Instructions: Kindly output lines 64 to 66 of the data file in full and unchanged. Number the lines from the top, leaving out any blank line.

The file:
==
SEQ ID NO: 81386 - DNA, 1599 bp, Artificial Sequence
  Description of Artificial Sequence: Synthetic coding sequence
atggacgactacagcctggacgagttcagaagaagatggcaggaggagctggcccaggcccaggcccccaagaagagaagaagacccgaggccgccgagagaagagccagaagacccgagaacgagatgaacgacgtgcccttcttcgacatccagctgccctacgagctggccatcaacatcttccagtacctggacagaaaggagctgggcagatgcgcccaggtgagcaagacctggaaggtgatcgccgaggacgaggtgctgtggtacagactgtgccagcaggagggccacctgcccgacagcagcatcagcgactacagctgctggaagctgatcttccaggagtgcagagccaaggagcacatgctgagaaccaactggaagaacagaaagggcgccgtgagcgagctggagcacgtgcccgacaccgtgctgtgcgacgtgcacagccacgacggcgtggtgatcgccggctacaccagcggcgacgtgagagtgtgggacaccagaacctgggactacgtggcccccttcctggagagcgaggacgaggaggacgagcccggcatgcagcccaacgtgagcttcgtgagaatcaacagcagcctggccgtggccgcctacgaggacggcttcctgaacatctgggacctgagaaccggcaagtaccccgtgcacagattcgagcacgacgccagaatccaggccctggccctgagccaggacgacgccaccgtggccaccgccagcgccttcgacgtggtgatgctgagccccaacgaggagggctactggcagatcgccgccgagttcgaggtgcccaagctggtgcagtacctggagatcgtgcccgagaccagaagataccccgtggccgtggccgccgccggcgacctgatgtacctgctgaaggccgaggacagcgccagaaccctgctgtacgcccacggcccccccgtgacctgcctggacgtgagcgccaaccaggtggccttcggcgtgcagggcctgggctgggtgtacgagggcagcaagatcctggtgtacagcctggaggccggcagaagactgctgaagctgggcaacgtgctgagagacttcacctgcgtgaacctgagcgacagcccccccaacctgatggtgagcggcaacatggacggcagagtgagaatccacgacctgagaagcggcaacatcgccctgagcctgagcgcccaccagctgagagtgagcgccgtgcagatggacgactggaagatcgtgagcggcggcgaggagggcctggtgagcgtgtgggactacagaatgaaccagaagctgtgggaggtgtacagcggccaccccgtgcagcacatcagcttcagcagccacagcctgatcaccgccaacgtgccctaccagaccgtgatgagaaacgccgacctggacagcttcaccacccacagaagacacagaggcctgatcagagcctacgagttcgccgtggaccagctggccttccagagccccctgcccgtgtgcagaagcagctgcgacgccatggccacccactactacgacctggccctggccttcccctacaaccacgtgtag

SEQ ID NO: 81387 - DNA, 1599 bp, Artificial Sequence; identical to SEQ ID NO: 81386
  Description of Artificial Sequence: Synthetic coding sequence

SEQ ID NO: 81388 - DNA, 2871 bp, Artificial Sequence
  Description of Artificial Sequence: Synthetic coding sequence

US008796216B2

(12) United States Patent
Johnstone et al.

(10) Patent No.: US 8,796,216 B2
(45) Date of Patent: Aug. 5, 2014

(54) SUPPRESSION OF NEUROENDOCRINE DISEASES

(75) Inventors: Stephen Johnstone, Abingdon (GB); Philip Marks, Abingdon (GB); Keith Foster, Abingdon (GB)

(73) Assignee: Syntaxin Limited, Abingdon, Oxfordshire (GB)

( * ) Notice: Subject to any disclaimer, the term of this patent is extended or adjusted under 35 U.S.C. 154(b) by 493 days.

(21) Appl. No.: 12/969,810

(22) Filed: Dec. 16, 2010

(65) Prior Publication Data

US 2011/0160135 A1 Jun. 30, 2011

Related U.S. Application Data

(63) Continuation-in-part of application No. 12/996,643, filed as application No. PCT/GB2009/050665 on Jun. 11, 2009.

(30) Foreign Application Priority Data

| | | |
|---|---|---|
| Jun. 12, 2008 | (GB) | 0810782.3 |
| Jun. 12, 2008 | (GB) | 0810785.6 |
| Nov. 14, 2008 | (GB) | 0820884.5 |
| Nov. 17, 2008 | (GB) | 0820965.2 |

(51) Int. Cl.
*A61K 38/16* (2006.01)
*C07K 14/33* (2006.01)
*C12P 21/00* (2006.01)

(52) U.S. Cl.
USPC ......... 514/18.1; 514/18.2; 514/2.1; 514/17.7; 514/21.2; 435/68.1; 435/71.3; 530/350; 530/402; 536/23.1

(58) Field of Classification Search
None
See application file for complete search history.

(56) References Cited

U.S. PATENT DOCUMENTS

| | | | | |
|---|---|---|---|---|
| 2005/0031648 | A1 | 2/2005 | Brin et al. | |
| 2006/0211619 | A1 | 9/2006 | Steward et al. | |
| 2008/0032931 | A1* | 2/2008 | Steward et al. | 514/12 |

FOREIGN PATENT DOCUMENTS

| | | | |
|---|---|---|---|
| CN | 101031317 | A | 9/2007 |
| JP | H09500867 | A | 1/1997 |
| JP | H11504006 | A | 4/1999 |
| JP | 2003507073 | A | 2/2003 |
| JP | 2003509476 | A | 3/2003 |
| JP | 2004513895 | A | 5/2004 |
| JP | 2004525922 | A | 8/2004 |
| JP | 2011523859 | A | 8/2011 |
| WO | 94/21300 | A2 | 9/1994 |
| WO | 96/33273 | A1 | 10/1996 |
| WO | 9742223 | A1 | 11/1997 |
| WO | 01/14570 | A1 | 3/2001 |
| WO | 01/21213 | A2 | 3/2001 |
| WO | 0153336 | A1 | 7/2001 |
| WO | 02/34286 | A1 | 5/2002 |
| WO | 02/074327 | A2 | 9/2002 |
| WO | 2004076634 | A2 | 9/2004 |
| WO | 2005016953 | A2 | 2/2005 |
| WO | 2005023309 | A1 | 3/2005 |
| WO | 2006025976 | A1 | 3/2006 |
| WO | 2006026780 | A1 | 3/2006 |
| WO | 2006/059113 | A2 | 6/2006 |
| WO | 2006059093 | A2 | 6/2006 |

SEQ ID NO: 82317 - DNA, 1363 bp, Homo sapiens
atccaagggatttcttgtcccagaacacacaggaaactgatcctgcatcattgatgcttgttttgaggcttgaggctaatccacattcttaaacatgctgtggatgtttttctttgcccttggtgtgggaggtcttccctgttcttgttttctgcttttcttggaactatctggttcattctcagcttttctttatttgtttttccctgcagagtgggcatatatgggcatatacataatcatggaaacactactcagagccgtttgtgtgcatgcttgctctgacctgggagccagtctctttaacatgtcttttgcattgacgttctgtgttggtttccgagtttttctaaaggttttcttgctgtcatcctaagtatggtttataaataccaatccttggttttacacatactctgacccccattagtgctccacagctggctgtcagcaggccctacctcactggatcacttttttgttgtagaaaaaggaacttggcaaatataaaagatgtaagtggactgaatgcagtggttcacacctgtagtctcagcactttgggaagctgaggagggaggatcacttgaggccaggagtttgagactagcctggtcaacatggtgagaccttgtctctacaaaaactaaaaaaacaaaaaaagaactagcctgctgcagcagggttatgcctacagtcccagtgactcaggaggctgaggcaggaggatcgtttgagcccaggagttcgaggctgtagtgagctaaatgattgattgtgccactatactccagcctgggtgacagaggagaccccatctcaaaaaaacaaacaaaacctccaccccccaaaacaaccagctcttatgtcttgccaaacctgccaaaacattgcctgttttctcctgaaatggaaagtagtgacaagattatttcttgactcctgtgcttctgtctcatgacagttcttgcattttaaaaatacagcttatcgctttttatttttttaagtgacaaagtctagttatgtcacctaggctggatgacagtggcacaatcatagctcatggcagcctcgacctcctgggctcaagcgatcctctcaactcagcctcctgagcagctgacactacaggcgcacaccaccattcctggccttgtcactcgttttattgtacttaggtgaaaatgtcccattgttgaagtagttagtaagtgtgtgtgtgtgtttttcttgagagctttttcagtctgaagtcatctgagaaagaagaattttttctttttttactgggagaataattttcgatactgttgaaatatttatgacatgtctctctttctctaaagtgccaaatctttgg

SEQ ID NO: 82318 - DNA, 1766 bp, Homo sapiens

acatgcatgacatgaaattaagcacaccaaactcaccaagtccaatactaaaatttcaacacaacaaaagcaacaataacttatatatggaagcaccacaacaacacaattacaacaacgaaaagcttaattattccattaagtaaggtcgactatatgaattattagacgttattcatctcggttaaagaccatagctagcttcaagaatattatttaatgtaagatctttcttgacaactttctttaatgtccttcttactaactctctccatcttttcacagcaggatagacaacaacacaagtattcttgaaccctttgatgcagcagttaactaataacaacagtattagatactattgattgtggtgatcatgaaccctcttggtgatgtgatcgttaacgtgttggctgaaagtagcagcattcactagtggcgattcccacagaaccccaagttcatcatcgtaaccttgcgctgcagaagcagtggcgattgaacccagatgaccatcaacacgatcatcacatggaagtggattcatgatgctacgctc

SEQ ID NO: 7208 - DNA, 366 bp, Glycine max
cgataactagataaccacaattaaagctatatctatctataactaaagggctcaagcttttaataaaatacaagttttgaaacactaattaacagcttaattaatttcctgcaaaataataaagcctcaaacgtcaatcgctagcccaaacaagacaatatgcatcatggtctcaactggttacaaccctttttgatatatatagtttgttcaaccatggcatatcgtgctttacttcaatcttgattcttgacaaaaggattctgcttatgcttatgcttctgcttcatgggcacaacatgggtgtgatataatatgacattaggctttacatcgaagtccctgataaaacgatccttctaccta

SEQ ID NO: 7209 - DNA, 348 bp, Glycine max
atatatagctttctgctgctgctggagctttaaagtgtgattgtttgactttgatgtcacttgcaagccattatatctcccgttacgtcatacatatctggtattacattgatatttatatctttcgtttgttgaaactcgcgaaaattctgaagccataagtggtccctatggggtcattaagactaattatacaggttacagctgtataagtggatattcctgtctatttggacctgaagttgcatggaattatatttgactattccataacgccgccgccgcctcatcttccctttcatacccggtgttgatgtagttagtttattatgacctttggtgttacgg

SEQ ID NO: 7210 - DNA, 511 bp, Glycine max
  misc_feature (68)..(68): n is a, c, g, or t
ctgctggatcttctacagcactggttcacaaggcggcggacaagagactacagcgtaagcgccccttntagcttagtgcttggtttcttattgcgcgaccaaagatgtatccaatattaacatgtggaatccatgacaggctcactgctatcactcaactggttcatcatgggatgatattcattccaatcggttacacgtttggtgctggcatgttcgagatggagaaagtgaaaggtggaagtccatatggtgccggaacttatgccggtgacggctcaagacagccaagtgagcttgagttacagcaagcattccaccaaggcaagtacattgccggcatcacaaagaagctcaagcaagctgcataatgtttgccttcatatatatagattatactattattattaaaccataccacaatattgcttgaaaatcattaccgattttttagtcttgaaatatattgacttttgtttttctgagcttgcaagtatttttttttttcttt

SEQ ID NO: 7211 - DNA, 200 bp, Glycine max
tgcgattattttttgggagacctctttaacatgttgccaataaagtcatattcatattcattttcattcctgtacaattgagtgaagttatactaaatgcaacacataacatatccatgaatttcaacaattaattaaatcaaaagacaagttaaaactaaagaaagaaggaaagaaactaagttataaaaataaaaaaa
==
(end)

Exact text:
| WO | 02/074327 | A2 | 9/2002 |
| WO | 2004076634 | A2 | 9/2004 |
| WO | 2005016953 | A2 | 2/2005 |